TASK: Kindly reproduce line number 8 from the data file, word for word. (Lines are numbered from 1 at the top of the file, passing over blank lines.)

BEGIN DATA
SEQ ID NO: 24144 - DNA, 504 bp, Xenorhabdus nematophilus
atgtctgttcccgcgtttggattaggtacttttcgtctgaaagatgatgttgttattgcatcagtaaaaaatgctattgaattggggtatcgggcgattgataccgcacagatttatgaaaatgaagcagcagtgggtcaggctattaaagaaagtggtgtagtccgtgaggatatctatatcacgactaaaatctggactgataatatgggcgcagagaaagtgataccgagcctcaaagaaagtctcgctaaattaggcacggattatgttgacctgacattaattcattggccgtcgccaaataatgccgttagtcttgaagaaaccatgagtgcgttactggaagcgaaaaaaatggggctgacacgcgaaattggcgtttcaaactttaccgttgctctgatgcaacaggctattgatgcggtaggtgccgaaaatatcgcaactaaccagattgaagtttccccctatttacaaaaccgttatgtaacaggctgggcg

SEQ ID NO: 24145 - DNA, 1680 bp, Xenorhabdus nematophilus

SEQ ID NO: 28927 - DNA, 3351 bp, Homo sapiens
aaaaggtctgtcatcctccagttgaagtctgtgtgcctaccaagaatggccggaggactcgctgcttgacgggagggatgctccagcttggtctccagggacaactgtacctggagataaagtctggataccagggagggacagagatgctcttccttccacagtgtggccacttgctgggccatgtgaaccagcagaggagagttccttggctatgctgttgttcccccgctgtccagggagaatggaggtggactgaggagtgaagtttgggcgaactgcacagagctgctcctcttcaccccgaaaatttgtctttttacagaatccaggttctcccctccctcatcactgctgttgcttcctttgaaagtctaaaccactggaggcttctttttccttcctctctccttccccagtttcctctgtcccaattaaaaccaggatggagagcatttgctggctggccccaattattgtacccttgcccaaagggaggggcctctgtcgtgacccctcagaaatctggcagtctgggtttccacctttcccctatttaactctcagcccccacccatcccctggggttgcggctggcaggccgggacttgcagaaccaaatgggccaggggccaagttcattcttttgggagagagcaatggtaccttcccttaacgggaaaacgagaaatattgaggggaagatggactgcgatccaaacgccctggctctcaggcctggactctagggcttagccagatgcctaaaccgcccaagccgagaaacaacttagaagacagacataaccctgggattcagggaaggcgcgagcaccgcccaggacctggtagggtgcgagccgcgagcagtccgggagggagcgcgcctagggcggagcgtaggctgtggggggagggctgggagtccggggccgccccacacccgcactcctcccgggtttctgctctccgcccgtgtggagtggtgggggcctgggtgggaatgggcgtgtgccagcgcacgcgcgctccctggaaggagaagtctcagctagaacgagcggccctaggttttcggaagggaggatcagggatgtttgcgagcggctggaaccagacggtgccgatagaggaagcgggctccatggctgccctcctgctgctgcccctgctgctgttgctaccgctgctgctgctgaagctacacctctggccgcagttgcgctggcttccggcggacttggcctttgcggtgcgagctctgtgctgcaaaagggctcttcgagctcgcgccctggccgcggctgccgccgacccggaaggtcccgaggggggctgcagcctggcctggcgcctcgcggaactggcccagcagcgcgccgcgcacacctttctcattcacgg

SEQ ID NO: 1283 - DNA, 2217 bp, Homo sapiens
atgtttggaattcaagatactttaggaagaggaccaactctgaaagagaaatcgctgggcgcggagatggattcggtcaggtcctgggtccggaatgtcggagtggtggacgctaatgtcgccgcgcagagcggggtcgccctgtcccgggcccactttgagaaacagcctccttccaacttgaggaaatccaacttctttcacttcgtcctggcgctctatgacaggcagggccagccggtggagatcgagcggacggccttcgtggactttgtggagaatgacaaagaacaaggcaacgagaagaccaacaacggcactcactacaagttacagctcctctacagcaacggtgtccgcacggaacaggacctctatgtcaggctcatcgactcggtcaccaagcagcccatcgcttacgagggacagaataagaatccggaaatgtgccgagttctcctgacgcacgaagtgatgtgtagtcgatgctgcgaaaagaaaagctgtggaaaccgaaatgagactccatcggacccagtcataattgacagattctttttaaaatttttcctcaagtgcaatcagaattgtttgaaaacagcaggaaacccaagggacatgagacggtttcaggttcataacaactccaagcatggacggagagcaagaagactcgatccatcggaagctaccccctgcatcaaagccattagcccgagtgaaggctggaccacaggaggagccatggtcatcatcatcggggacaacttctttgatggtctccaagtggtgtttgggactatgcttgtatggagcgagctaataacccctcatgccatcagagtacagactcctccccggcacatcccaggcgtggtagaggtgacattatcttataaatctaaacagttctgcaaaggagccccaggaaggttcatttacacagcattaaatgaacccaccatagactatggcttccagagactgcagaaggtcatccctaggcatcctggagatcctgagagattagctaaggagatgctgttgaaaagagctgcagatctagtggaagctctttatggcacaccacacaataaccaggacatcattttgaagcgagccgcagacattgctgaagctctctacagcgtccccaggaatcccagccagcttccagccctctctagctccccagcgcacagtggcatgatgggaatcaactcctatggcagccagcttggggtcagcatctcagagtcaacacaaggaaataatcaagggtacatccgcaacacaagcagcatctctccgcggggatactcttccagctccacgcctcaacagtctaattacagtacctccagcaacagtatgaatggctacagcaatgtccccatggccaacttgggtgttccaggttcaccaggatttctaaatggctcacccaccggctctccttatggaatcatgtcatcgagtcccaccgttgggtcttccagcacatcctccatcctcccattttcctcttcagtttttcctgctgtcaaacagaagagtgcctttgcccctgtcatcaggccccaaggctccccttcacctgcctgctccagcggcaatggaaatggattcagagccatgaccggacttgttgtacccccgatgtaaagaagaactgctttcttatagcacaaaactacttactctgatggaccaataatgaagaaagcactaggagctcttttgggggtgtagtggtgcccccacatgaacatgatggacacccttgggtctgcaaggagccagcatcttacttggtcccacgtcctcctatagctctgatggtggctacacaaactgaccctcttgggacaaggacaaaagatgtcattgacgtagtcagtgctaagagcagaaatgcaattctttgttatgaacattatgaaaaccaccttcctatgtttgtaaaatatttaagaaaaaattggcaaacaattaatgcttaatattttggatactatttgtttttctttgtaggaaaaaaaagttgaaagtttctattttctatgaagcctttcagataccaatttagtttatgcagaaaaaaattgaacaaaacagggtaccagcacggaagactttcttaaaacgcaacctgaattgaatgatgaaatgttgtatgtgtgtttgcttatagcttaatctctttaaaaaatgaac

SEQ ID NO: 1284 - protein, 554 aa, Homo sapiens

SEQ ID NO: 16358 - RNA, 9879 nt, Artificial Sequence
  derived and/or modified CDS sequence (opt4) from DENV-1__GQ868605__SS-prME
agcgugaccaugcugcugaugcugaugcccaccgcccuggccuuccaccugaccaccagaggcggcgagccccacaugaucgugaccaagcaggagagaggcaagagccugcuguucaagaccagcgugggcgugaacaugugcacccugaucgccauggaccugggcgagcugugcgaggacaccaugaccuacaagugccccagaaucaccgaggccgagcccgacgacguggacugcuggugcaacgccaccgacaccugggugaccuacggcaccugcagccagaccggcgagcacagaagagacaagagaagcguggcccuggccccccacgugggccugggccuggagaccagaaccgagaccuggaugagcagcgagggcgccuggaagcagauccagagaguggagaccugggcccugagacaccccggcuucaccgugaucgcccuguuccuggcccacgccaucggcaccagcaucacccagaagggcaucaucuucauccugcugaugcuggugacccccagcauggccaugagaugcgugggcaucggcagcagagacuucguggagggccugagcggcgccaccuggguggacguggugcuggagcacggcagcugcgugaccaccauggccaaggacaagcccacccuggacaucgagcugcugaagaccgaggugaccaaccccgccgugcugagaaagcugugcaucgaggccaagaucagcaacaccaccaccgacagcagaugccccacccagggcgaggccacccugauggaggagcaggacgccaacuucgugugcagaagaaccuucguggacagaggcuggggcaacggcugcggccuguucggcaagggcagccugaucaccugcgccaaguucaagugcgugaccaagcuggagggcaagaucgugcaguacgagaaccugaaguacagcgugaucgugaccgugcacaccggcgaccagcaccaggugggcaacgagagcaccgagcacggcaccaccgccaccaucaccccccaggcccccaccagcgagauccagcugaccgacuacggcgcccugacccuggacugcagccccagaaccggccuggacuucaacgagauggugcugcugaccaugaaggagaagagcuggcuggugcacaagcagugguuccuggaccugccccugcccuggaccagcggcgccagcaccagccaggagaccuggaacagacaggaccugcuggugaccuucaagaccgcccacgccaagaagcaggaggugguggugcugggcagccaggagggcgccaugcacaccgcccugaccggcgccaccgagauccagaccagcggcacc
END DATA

SEQ ID NO: 1284 - protein, 554 aa, Homo sapiens